Bahraini Shiites clamor for police and military jobs

The Associated Press The dozen green-shirted police guarding a polling station during recent elections here were not native-born Bahrainis, but those they keep a wary eye on were: members of this island kingdom's Shiite Muslim majority.

Foreign Sunni Muslim police have long been a part of the landscape in Bahraini Shiite villages like Karzakan, with its fanciful gold-domed mosques and grafittied alleys where unemployed men wander.

Shiite activists allege that Bahrain's Sunni-dominated government has blocked Shiites from the country's police forces or the 10,000-man military, recruiting Sunnis from outside the country to fill positions instead of hiring Shiites.

The government denies any discrimination. But Shiites say the policy reflects the Sunnis' fear of a rebellion by the tiny country's Shiite majority against the leadership of the al-Khalifa royal family.

But many things here may soon change. Shiite candidates unleashed an electoral blitzkrieg in parliamentary elections a week ago, and the new lawmakers say they will try to replace the foreign police and military.

The government insists it does not favor Sunnis in security jobs. "These jobs are open to any citizen according to their merits," Information Minister Mohammed Abdel Ghaffar said.

"Sunni and Shiites are brothers. There is intermarriage. We have Shiites everywhere, not only in the security forces," he said. He could not give figures on the number of Shiites in the security forces.

Still, most policemen that Bahrainis encounter in the capital Manama or other towns and cities are foreign born — from South Asia, Sudan or from Arab countries, speaking Arabic that is broken or with a non-Bahraini accent.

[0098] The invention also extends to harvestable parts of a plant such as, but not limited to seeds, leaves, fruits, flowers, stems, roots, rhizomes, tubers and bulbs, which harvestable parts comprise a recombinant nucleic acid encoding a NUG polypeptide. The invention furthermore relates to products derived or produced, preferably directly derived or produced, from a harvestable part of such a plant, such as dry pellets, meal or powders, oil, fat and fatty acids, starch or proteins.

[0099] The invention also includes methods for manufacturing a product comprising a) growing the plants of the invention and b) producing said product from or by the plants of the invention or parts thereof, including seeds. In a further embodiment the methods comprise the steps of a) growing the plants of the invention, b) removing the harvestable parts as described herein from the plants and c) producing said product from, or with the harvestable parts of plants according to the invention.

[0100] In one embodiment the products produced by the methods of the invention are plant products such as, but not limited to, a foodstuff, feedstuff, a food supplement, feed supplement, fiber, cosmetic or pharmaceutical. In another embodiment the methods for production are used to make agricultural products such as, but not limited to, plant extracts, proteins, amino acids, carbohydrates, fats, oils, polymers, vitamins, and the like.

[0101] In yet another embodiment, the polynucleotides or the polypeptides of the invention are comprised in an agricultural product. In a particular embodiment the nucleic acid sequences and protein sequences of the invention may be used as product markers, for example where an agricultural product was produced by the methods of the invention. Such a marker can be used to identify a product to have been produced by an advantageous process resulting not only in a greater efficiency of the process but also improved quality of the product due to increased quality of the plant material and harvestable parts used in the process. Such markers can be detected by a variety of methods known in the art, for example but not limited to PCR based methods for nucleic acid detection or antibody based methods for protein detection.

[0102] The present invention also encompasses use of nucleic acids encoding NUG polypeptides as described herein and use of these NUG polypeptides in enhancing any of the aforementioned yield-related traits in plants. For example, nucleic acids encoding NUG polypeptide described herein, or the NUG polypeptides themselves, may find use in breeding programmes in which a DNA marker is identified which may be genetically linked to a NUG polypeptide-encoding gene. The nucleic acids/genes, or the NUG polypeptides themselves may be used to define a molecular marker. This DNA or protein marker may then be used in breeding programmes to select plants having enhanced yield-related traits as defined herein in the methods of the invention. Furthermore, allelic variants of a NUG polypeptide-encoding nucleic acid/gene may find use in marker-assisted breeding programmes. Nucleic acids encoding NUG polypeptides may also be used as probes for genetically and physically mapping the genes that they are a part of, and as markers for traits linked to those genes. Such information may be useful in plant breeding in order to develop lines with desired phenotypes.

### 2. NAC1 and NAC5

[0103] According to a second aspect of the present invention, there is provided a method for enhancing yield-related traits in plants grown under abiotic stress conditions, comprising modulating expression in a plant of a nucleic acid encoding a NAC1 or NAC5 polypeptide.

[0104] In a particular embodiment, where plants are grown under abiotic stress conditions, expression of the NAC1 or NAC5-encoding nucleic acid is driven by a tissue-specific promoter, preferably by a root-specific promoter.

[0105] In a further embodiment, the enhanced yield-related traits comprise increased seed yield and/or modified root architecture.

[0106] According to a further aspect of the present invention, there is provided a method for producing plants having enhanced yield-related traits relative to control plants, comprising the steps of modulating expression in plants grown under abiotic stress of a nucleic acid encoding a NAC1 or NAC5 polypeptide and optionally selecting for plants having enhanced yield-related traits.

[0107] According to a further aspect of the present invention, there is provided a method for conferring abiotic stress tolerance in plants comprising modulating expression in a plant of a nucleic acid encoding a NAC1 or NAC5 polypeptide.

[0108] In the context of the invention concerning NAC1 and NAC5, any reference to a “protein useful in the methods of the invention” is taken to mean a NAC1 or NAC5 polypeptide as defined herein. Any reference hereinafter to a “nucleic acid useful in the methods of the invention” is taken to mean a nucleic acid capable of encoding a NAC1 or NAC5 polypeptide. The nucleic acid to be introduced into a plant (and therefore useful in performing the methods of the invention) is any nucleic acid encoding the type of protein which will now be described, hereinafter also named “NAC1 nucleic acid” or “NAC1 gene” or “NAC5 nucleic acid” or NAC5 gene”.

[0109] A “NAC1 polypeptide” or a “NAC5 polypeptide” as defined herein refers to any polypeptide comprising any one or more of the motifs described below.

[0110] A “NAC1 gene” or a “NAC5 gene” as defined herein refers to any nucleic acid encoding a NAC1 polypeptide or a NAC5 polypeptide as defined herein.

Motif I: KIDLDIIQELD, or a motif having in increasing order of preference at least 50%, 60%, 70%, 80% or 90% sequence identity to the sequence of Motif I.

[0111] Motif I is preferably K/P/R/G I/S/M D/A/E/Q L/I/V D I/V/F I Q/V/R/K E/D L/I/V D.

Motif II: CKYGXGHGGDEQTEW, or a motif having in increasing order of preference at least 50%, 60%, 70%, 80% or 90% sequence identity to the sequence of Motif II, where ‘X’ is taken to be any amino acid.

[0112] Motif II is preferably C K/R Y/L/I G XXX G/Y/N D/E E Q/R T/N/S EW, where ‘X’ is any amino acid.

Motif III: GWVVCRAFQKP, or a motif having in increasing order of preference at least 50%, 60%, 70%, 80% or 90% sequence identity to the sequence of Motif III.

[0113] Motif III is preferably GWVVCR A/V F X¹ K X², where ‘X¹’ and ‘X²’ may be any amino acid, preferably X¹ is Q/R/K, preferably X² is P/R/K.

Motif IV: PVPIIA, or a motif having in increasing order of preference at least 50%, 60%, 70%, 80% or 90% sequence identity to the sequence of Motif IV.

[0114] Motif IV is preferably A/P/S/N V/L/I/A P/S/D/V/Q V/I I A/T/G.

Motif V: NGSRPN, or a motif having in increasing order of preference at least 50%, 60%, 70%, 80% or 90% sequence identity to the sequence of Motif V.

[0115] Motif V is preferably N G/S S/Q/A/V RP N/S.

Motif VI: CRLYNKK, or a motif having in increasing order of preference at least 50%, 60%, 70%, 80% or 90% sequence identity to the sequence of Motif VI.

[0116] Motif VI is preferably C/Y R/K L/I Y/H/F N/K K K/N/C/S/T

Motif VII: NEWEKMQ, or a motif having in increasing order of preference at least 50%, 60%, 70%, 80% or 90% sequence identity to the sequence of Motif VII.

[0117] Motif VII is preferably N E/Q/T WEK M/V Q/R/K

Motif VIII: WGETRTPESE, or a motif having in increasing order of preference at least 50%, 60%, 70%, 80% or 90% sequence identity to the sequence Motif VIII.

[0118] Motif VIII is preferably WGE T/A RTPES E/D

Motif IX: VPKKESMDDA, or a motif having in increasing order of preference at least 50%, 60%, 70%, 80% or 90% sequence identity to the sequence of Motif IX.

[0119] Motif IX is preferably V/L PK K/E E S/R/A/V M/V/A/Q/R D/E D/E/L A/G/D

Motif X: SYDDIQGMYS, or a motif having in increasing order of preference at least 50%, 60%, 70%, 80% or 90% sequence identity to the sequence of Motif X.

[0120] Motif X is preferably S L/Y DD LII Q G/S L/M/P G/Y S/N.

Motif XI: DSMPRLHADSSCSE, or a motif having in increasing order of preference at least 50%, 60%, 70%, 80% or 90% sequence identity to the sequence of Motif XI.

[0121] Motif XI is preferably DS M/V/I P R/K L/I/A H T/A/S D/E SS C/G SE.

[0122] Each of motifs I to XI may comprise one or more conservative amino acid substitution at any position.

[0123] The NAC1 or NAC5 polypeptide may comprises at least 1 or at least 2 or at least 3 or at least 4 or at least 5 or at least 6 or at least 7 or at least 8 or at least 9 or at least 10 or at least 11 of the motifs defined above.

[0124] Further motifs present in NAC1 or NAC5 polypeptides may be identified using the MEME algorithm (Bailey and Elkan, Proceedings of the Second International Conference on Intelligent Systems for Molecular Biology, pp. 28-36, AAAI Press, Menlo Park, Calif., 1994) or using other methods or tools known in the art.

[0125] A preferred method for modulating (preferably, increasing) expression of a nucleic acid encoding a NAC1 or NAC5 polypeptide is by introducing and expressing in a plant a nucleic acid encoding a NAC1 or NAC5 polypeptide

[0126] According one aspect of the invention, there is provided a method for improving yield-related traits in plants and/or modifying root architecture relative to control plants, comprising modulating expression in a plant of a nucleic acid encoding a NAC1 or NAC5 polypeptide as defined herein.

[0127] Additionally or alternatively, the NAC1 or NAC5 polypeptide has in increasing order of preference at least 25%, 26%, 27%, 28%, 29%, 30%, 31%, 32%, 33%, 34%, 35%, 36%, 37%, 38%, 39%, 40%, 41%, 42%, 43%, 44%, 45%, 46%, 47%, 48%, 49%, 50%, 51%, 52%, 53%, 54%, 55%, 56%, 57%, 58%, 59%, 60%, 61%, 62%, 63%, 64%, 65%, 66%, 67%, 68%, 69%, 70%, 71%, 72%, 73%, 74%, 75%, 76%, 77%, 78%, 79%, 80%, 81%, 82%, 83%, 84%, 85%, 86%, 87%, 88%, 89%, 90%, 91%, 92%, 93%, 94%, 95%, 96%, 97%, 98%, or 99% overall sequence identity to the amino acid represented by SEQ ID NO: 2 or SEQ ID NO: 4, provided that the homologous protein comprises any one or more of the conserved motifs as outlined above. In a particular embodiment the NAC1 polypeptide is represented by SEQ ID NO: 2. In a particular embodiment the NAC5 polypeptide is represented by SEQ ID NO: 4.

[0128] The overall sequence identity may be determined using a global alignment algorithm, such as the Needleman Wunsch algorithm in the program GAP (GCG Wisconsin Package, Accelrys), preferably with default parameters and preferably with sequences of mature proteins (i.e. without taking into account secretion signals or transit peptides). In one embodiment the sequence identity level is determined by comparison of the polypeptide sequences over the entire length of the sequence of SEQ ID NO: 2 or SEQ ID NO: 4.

In Karzakan, the police at the polling stations during last Saturday's election appeared South Asian. When they barked out directions to voters, their Arabic was poor. Policemen approached by an AP reporter refused to say where they were from.

"Shiites should be given the opportunity to serve," said Jasim Hussain, a Shiite economist at Bahrain University elected to parliament Saturday. "We think there should be no discrimination whatsoever on this issue."

He estimated that only a few hundred Shiites have received jobs — all low-level — among the thousands of positions in the military and police forces.

Most of the command positions are held by native-born Sunni Bahrainis, positions to which they apply. But they generally do not pursue the lower-level jobs in the forces, seen as menial.

Shiites, among whom unemployment is more widespread, are eager to take the jobs. But they say they're not getting them because of mistrust.

"There's been a feeling over a long period that Sunnis are more loyal than Shia, perhaps because the royal family is Sunni," Hussain said.

Shiites are believed to make up as much of two-thirds of Bahrain's 700,000 citizens, and they often complain they are kept out of positions of power.

In last week's first round vote, the Shiite al-Wefaq movement, which boycotted Bahrain's 2002 election, emerged with 16 of parliament's 40 seats, the best showing of any party.

Conservative Sunni Muslim candidates allied with this island kingdom's Sunni-dominated government took 13 more seats. The remaining 11 seats are to be decided in a run-off election on Saturday.

The changes in Bahrain come as Shiites have become more politically active in several parts of the Middle East, energized by U.S.-backed elections in Iraq that brought the Shiite majority to power.

Shiites, which form about 15 percent of the world's 1.2 billion Muslims, are also boosting their influence in Lebanon, with Shiite-dominated Iran providing support. Other countries with Shiite populations, especially neighboring Saudi Arabia and Kuwait, are uneasy observers of the renaissance.

In Bahrain, Shiite opposition leaders contend that foreign-born police were given Bahraini citizenship in exchange for promises to cast votes for pro-government Sunnis and skew the demographic balance in the country.

The government has denied the allegation.

"How are these strange people going to protect us?" Fatima Haroon, 27, said of the police as she participated in an anti-government demonstration in Manama last week. "We want Bahraini Shiites to protect us."

"We are the majority in this country,"she said, cloaked in a tight-fitting black gown and headscarf. "We need our rights."